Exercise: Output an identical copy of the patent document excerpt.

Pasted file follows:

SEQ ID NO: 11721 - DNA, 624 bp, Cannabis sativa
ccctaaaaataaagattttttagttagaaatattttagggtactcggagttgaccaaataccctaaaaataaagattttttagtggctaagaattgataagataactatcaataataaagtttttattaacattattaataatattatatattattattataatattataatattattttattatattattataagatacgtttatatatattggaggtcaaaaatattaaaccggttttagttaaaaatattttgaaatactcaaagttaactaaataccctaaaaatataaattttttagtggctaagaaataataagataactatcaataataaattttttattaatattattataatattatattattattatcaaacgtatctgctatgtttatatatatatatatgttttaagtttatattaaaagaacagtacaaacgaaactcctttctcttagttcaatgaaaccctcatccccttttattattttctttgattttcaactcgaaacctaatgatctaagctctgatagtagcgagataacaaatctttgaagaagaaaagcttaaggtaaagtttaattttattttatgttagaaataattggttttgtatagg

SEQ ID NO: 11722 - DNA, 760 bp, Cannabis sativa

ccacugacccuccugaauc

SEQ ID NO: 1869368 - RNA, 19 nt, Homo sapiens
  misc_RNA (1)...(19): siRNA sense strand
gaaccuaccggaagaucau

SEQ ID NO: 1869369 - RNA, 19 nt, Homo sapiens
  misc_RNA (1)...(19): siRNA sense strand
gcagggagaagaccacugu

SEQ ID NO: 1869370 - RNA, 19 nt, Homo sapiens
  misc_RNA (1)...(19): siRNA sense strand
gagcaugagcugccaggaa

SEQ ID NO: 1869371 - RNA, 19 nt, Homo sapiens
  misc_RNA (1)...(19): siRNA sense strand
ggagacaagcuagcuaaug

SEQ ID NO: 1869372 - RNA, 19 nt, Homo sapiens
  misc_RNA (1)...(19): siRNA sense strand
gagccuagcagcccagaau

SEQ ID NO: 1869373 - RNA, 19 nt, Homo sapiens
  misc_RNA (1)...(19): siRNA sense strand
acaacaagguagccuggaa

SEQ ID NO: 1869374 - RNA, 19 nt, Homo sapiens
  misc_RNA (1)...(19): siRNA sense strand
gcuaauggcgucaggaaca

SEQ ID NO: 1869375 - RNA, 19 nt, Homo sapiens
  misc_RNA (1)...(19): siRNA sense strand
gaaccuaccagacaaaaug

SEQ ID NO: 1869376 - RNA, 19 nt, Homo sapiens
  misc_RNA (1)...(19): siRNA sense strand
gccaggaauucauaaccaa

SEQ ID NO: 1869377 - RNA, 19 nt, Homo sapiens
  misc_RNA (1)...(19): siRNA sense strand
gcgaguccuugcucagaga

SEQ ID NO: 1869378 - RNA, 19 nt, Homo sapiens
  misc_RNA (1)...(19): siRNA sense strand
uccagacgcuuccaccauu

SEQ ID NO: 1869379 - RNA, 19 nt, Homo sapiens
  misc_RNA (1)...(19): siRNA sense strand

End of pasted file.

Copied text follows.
SEQ ID NO: 11721 - DNA, 624 bp, Cannabis sativa
ccctaaaaataaagattttttagttagaaatattttagggtactcggagttgaccaaataccctaaaaataaagattttttagtggctaagaattgataagataactatcaataataaagtttttattaacattattaataatattatatattattattataatattataatattattttattatattattataagatacgtttatatatattggaggtcaaaaatattaaaccggttttagttaaaaatattttgaaatactcaaagttaactaaataccctaaaaatataaattttttagtggctaagaaataataagataactatcaataataaattttttattaatattattataatattatattattattatcaaacgtatctgctatgtttatatatatatatatgttttaagtttatattaaaagaacagtacaaacgaaactcctttctcttagttcaatgaaaccctcatccccttttattattttctttgattttcaactcgaaacctaatgatctaagctctgatagtagcgagataacaaatctttgaagaagaaaagcttaaggtaaagtttaattttattttatgttagaaataattggttttgtatagg

SEQ ID NO: 11722 - DNA, 760 bp, Cannabis sativa

ccacugacccuccugaauc

SEQ ID NO: 1869368 - RNA, 19 nt, Homo sapiens
  misc_RNA (1)...(19): siRNA sense strand
gaaccuaccggaagaucau

SEQ ID NO: 1869369 - RNA, 19 nt, Homo sapiens
  misc_RNA (1)...(19): siRNA sense strand
gcagggagaagaccacugu

SEQ ID NO: 1869370 - RNA, 19 nt, Homo sapiens
  misc_RNA (1)...(19): siRNA sense strand
gagcaugagcugccaggaa

SEQ ID NO: 1869371 - RNA, 19 nt, Homo sapiens
  misc_RNA (1)...(19): siRNA sense strand
ggagacaagcuagcuaaug

SEQ ID NO: 1869372 - RNA, 19 nt, Homo sapiens
  misc_RNA (1)...(19): siRNA sense strand
gagccuagcagcccagaau

SEQ ID NO: 1869373 - RNA, 19 nt, Homo sapiens
  misc_RNA (1)...(19): siRNA sense strand
acaacaagguagccuggaa

SEQ ID NO: 1869374 - RNA, 19 nt, Homo sapiens
  misc_RNA (1)...(19): siRNA sense strand
gcuaauggcgucaggaaca

SEQ ID NO: 1869375 - RNA, 19 nt, Homo sapiens
  misc_RNA (1)...(19): siRNA sense strand
gaaccuaccagacaaaaug

SEQ ID NO: 1869376 - RNA, 19 nt, Homo sapiens
  misc_RNA (1)...(19): siRNA sense strand
gccaggaauucauaaccaa

SEQ ID NO: 1869377 - RNA, 19 nt, Homo sapiens
  misc_RNA (1)...(19): siRNA sense strand
gcgaguccuugcucagaga

SEQ ID NO: 1869378 - RNA, 19 nt, Homo sapiens
  misc_RNA (1)...(19): siRNA sense strand
uccagacgcuuccaccauu

SEQ ID NO: 1869379 - RNA, 19 nt, Homo sapiens
  misc_RNA (1)...(19): siRNA sense strand